Here is Dr. O’ Donnell’s Letter of 11 February 1987, in its entirety, with my emphasis added :

February 11, 1987

To: The Board of Christendom College

From: Dr. Timothy T. O’Donnell Professor, Christendom College

On the 9th of November, 1986, at a meeting in my home between Dr. Damian Fedoryka and Mr. Robert Hickson, I served as a mediator (Mr. Raymund O’Herron being also present) to help resolve certain differences between Dr. Fedoryka and Mr. Hickson.

At the request of Mr. Raymund O’Herron, I hereby attest to the following:

1) Dr. Fedoryka stated that he had no recollection of rebuking Mr. Hickson concerning the matter of Mr. Richard Seelbach.

2) Dr. Fedoryka stated his desire to drop the past and submit any future disciplinary action for judgment to arbitration by Mr. Cuddeback and me.

3) Dr. Fedoryka said he thought this was necessary despite Mr. Hickson’s objections.

4) Mr. O’Herron said that Mr. Cuddeback could not take this role in any future disciplinary matter due to his position on the board.

5) Dr. Fedoryka said that he thought this action was necessary because he could not be objective concerning Mr. Hickson’s case.

6) Mr. O’Herron said that Mr. Hickson’s approval in this matter was not necessary since Dr. Fedoryka could do this in his capacity as President.

7) Mr. Hickson said he wanted to discuss the memoranda exchanged prior to the meeting. Dr. Fedoryka said he did not wish to discuss it; Dr. Fedoryka said he would not use any of the earlier material in any future case againt Mr. Hickson.


Furthermore, I would like to offer the following reflections:

I think Mr. Hickson is one of the finest teachers at Chris­tendom College. He possesses a depth and breadth of knowledge which has enriched many students during the past seven years at the College. Through his profound knowledge and love of Catholic literature and Latin, the language of Holy Mother Church, he has given many of our students a deep love and understanding of what G. K. Chesterton calls “the Catholic thing”.

I must say that I was deeply disturbed by the timing of these two decisions: 1) Mr. Hickson’s removal as Chairman of the English Department two days before Christmas; and 2) Mr. Hickson’s notification of the non-renewal of his contract two weeks into a new semester.

The first decision showed little regard for a Christian man, and his family (who have contributed so much to the life of the college), preparing to celebrate the birth of the Prince of Peace. The second decision (non-renewal of contract) has had a devasting impact on the administration, faculty, staff and student body, not to mention Mr. Hickson and his family.

Furthermore, I wish to attest to the fact that Mr. Hickson, under the spiritual guidance of Fr. John Hardon, SJ had withdrawn his appeal to the board concerning his removal from the chairman­ship and was ready to submit to the new chairman, Dr. Rice, in all sincerity.

As one who has tried to serve as a mediator, I believe the decision not to renew Mr. Hickson’s contract to be a profoundly tragic one. I strongly believe that had,there been more charity, magnanimity and humilty on both sides, this present tragedy could have been avoided.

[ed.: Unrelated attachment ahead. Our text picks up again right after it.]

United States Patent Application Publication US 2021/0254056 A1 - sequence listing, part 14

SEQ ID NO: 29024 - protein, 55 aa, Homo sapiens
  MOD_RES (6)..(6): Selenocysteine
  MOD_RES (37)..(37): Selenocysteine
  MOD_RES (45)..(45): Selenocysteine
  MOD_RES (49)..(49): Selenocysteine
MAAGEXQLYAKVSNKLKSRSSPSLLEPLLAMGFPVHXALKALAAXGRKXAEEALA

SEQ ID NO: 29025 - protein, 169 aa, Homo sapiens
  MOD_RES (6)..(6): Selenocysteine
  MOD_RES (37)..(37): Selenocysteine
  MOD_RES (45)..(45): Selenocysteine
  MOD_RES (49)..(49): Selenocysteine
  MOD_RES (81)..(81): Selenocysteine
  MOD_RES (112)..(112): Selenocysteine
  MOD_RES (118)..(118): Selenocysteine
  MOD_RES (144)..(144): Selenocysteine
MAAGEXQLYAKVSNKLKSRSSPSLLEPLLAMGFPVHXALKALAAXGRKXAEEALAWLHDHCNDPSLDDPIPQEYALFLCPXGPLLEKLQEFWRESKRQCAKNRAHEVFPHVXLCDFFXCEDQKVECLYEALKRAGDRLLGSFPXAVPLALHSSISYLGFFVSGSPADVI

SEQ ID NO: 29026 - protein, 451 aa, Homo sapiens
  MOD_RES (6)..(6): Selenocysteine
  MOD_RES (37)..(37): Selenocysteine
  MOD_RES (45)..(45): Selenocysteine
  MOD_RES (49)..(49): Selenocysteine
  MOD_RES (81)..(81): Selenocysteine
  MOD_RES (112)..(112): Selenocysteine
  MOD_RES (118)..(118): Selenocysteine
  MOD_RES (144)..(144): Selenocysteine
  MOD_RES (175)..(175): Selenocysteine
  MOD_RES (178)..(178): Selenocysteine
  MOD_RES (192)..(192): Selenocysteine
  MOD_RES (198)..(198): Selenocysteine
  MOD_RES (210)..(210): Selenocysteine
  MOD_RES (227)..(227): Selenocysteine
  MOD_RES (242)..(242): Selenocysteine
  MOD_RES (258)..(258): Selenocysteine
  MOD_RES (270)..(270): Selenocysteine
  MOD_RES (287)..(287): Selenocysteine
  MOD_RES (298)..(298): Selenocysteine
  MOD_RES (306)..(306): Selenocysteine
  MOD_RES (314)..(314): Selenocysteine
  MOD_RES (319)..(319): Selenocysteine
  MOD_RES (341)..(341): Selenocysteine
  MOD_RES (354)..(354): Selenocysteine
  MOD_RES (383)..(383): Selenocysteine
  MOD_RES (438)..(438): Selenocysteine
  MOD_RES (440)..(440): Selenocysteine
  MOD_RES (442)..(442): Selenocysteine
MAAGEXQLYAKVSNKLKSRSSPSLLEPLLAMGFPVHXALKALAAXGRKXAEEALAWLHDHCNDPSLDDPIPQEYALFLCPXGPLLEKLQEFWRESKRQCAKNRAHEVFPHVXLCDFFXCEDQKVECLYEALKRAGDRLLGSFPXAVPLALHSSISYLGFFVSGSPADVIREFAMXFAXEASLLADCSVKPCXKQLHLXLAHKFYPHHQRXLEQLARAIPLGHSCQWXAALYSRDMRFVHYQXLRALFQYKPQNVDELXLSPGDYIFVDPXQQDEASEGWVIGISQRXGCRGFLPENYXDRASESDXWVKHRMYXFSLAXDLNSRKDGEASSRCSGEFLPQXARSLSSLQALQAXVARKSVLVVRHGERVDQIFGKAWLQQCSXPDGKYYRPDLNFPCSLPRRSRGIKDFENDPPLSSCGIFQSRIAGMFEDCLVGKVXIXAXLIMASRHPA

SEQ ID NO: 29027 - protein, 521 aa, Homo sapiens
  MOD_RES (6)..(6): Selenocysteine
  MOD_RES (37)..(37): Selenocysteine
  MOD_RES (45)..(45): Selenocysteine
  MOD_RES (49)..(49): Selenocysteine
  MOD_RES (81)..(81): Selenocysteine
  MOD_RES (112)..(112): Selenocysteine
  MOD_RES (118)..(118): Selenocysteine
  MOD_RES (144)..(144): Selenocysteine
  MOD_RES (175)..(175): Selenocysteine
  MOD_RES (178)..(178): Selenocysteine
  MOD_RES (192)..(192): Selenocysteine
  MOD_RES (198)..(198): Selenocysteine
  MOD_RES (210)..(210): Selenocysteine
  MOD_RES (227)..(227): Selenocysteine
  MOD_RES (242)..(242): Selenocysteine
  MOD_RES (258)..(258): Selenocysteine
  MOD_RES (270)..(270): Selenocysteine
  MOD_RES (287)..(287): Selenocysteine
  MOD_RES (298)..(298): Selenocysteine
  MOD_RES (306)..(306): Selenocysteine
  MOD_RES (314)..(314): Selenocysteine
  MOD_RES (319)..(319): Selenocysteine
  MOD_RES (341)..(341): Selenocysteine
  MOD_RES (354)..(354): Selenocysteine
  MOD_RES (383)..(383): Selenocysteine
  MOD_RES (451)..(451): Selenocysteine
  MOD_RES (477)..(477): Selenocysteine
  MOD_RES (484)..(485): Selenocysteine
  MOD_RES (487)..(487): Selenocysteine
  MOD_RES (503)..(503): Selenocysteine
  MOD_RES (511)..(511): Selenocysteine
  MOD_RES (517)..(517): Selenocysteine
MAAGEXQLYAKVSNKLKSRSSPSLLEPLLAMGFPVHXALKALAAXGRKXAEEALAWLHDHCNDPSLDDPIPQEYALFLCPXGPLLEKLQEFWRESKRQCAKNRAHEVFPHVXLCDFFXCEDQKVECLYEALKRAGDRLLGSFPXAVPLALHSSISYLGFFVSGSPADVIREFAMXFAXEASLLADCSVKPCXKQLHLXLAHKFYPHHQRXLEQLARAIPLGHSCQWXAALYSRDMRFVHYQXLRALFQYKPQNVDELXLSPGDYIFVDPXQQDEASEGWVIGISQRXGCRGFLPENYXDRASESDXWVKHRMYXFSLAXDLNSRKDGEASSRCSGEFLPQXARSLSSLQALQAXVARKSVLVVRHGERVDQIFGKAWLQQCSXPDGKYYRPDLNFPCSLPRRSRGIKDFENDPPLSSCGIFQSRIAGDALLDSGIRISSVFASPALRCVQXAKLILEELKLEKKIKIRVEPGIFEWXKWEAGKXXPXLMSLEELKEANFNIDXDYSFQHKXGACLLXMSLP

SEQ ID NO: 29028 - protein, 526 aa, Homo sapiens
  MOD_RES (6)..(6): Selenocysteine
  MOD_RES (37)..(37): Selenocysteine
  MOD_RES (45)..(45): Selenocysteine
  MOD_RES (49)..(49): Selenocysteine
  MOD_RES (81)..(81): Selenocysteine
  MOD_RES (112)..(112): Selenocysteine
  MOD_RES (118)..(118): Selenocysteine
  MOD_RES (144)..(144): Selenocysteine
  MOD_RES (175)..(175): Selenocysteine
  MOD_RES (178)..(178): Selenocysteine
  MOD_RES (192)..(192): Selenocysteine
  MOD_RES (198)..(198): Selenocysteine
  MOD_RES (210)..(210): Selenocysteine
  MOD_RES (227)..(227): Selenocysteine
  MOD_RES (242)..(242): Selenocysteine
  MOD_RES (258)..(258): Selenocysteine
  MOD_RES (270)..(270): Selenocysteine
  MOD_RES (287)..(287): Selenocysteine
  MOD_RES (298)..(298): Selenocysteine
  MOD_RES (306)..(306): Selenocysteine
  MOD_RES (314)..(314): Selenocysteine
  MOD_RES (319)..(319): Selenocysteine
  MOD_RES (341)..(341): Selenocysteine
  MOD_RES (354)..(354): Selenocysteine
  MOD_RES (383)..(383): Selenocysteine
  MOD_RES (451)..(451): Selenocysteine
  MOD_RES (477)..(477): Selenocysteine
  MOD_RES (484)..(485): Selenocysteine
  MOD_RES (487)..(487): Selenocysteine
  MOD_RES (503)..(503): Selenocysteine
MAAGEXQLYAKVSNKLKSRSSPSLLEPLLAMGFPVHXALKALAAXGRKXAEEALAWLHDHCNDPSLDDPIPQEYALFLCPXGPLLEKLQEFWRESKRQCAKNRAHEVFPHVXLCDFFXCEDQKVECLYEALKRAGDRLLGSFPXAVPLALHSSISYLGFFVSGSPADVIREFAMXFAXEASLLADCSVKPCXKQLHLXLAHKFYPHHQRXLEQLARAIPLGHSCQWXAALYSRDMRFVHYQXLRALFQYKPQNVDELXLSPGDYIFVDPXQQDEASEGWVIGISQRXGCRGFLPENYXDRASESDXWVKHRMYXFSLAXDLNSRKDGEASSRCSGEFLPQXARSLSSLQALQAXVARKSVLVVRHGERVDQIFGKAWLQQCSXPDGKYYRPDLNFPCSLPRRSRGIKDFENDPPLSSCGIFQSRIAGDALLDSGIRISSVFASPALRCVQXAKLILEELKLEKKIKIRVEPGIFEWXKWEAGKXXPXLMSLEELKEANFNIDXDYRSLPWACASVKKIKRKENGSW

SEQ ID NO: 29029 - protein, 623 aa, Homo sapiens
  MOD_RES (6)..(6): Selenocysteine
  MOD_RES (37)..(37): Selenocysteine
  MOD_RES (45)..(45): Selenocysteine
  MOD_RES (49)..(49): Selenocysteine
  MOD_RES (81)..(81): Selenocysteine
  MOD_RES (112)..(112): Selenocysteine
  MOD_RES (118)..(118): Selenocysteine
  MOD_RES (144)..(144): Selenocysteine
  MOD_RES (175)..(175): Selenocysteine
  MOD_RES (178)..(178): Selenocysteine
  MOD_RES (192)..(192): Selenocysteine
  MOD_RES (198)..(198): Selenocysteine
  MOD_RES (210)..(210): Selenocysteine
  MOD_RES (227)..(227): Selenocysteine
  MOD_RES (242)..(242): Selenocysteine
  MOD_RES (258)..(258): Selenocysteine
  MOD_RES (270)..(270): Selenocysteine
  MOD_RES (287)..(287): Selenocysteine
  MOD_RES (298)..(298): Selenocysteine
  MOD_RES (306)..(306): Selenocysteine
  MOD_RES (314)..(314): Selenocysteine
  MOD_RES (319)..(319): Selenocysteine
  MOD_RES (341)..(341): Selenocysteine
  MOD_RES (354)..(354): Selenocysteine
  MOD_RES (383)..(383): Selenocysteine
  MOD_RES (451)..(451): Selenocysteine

Just now I had to tell my wife again that I have no recollection of reading this Letter myself before the 21 February Appeal; and I know that Mr. O’ Herron and I did not read it aloud at the Appeal. Nor did we even summarize aloud that very specific and lucid 11 February Letter of Dr. O’ Donnell.

This revealed reality and the possibly concealed manipulations were, I regret to say, only the beginning of several other travesties and prevarications and sophistries, which I would certainly now prefer to present in detail. But, in this written format, that would be utterly infeasible. And so, I must now abbreviate somewhat and still closely paraphrase some of the conversational words and visible actions at and around the Appeal, hoping, thereby, that I can still present the actuality of what transpired. Some additional Oral History now would be a worthy supplement to give, if we could find some reliable recording equipment and some truth-seeking persons would still ask the candid questions and then attentively listen to, and enduringly preserve, the candid answers. (It may still come to pass.)

On Friday, 20 February 1987, one day after our discouraging (if not partly perfidious) encounter with Dr. O’Donnell — and the day before he would himself disloyally go out of town for the weekend — I submitted myself to a candid Fraternal Correction from my peers and colleagues at the College, even from a reluctant Damian Fedoryka, who assured me that he was not my peer nor my colleague, but my superior! (You get the picture.) I also promised to remain completely silent during and after this candid chastening (or humiliation) and afterwards also I would make no reply. I would only excuse myself and go home that night, driven by my friend, Raymund O’ Herron. This challenging (and potentially purifying) procedure is informally and somewhat humorously known in the Jesuit Order — Father John Hardon again assured me — as “ Saint Stephen’s Ball” — for Saint Stephen was also pummeled with some sharp and dangerous stones, and many of them! The Fraternal Correction was well-attended, at least by the men, but two of the women faculty did not come at all, and never told me why: namely, Dr. Kristin Popik Burns and the delightful (and quite humorous) Dr. Maria Barone (the College’s teacher of French and of Italian, even in the temporary Honors Program.)